________________ CM . . . . Volume XVI Number 6 . . . . October 9, 2009


Fairy School Drop-Out.

Meredith Badger. Illustrated by Michelle Mackintosh.
Toronto, ON: Scholastic Canada, 2009.
151 pp., hardcover, $9.99.
ISBN 978-0-545-98975-6.

Subject Headings:
Fairies-Juvenile fiction.
Magic-Juvenile fiction.
Schools-Juvinile fiction.

Grades 2-4 / Ages 7-9.

Review by Shannon Ozirny.

*** /4


Not all fairies like being fairies.

Elly was one such fairy. She didn't just not like being a fairy, she hated it. She hated it more than paper cuts. More than cold baths. More than jam and anchovy sandwiches. What exactly did she hate about it? Everything. The stuff she was meant to wear. The things she was meant to learn. But most of all, she hated flying. Flying might look fun but Elly found it tiring and boring. Besides, skateboarding was so much more fun.


Elly Knottleweed-Eversprightly is, like so many other-worldly characters in children's books, just trying to get by in the human world. Unlike her other fairy counterparts, Elly is inept when it comes to magic spells, has a fascination with skateboards, and resents carrying a wand. When Elly's magic blunders cause her to be expelled from two fairy schools, Elly must either commit to her sprightly genes or face a life of being a fairy with no wish-fulfillment license.

     Elly is a somewhat engaging protagonist as she ably fulfills the "secretly talented klutz" archetype. Despite her good intentions, she still ends up turning her teacher purple or shattering all the windows in her classroom. The character of Elly alone, however, does not keep Fairy School Drop-out aflight. The other characters in the story, from Elly's parents to her human friend Jess, lack personality and depth. What's more, the plot is sprinkled with holes; only a few pages after we learn that Elly wants to attend a human school, we learn that she hates humans. After divulging that 1 in 1000 humans can actually fly, the narrator seemingly backpedals and says that most humans are "wrong" for thinking they can fly.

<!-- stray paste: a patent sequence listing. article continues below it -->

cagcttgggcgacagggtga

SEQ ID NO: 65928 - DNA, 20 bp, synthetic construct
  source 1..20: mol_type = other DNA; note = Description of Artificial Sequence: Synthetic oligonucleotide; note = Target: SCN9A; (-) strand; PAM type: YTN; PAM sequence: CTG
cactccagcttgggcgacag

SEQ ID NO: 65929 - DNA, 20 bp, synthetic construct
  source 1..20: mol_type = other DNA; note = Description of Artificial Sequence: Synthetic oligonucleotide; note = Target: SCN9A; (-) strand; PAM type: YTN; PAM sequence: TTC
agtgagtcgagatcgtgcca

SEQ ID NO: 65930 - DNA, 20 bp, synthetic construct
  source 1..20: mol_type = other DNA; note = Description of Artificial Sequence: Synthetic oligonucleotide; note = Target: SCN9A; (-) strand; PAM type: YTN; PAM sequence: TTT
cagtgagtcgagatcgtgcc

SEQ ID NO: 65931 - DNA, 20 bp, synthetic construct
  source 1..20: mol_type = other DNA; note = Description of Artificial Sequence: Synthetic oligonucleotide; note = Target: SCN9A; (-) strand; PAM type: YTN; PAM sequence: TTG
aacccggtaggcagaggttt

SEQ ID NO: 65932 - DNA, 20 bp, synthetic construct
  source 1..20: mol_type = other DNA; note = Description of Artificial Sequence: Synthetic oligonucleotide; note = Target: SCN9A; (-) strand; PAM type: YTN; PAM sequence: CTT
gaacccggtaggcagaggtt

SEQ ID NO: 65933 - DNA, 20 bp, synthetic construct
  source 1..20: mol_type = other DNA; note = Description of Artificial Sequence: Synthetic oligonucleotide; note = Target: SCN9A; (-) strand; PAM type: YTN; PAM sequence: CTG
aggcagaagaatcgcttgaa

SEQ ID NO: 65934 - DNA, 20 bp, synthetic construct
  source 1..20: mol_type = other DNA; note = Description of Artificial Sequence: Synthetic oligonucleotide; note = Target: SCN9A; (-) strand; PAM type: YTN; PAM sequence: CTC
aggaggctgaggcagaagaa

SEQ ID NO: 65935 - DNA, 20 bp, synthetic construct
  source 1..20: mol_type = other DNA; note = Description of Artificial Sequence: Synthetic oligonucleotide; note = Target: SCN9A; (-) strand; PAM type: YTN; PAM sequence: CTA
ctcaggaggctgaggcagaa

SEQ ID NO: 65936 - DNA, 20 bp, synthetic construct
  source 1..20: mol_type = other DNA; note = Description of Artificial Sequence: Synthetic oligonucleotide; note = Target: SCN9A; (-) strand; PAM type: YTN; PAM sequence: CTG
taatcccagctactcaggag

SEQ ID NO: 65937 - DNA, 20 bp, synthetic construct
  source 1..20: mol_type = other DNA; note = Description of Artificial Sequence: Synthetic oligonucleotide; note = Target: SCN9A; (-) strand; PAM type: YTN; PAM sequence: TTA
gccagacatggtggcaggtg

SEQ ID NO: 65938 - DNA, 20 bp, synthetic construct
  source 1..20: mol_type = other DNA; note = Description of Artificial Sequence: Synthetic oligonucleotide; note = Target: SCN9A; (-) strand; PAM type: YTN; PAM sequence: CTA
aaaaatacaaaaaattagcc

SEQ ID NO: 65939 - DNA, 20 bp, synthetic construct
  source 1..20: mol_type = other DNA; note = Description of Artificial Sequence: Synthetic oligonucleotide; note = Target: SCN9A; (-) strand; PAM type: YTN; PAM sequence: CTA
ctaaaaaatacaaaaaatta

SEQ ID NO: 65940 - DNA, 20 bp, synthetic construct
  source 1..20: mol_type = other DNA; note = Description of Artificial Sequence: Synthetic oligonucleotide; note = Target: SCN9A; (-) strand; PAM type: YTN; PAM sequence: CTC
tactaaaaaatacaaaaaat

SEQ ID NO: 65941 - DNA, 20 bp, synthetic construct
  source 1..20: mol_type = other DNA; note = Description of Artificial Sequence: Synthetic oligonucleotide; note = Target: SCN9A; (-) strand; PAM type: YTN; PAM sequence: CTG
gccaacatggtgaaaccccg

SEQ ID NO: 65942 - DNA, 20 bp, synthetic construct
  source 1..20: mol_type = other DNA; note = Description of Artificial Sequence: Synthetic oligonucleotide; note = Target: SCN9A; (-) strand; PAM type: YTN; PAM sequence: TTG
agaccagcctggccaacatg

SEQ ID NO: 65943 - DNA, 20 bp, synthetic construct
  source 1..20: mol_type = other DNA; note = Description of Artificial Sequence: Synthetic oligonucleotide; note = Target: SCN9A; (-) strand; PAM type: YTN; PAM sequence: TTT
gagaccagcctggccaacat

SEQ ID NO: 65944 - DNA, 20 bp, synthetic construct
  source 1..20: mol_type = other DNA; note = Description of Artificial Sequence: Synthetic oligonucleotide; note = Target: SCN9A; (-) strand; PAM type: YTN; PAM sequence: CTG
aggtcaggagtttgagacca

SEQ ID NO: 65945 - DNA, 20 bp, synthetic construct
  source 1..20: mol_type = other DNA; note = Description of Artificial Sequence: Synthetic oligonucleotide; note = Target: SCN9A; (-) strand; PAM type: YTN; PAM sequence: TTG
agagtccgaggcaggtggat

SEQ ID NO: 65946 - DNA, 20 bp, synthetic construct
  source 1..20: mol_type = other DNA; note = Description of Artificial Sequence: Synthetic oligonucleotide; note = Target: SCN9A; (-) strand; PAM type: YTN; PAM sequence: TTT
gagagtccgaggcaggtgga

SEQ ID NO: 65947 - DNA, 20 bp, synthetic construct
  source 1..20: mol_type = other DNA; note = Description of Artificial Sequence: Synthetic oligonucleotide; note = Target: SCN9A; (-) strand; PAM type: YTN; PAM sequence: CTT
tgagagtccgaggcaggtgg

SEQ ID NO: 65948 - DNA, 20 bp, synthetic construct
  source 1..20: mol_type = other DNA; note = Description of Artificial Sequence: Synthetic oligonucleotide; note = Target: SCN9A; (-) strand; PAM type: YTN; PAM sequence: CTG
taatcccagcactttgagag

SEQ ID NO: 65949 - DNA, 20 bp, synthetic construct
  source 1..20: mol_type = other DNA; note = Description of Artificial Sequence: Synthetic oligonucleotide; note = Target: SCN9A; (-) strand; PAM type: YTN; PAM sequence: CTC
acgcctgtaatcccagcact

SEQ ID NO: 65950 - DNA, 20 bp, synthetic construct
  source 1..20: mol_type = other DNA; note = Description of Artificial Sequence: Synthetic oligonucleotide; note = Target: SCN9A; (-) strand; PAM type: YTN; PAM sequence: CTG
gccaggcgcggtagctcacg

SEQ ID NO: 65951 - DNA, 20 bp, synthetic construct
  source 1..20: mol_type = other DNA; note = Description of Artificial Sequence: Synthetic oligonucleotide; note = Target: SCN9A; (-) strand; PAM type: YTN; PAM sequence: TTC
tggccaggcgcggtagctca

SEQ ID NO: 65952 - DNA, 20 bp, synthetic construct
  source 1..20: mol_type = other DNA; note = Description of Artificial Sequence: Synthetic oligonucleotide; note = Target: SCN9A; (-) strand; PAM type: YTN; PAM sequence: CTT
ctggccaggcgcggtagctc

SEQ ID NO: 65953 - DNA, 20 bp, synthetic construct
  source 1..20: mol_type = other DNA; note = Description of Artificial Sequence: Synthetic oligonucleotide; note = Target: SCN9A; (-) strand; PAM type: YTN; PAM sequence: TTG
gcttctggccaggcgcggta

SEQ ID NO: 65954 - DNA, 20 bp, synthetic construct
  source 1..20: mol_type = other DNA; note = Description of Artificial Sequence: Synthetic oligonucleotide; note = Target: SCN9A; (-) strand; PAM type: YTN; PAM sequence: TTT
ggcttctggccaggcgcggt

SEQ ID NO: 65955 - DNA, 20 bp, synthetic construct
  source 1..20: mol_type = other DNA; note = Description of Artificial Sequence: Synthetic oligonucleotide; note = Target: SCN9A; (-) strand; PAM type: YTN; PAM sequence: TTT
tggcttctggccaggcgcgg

That being said, magic moments do exist in Fairy School Drop-out. It is indeed chuckle-worthy when we learn that fairy school "spelling tests" have nothing to do with words and everything to do with casting magic spells. There is also an enjoyable amount of details on all the fairy gadgets (complete with diagrams), and hardcore fairy fans will be very interested in the intricate workings of the wand. The text also incorporates various lists of fairy code and fairy rules which both add to the plot and serve as breaks in the text for very young readers.

     There is also no denying that young girls will find this book's packaging irresistible. Complete with shiny pink font, a hip, Bratz-esque protagonist in low-slung jeans (perhaps too low-slung as belly button exposure is definitely questionable for material aimed at this age group), and a text written completely in purple font, seven to nine-year-olds will flock to this fairy fable. The book has an undeniably fun, poppy, sugary feel that, whether we like it or not, is a natural part of a young girl's reading diet.

     At only $9.99, this hardcover title will not break a teacher or librarian's budget and will survive being passed from one eight year-old girl to the next. A library or classroom collection in need of a healthy dose of frivolity (or the literary equivalent of cotton candy) will be well-served by Fairy School Drop-out. Easily read in a sitting or two, this piece of fairy fluff will surely fly off the shelves.


Instead of dropping out of school, Shannon Ozirny stayed on for far too long and earned a Master of Arts in Children's Literature and is now completing her Master of Library and Information Studies degree at UBC. She also reviews for Quill & Quire.

To comment on this title or this review, send mail to cm@umanitoba.ca.

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The Manitoba Library Association
ISSN 1201-9364
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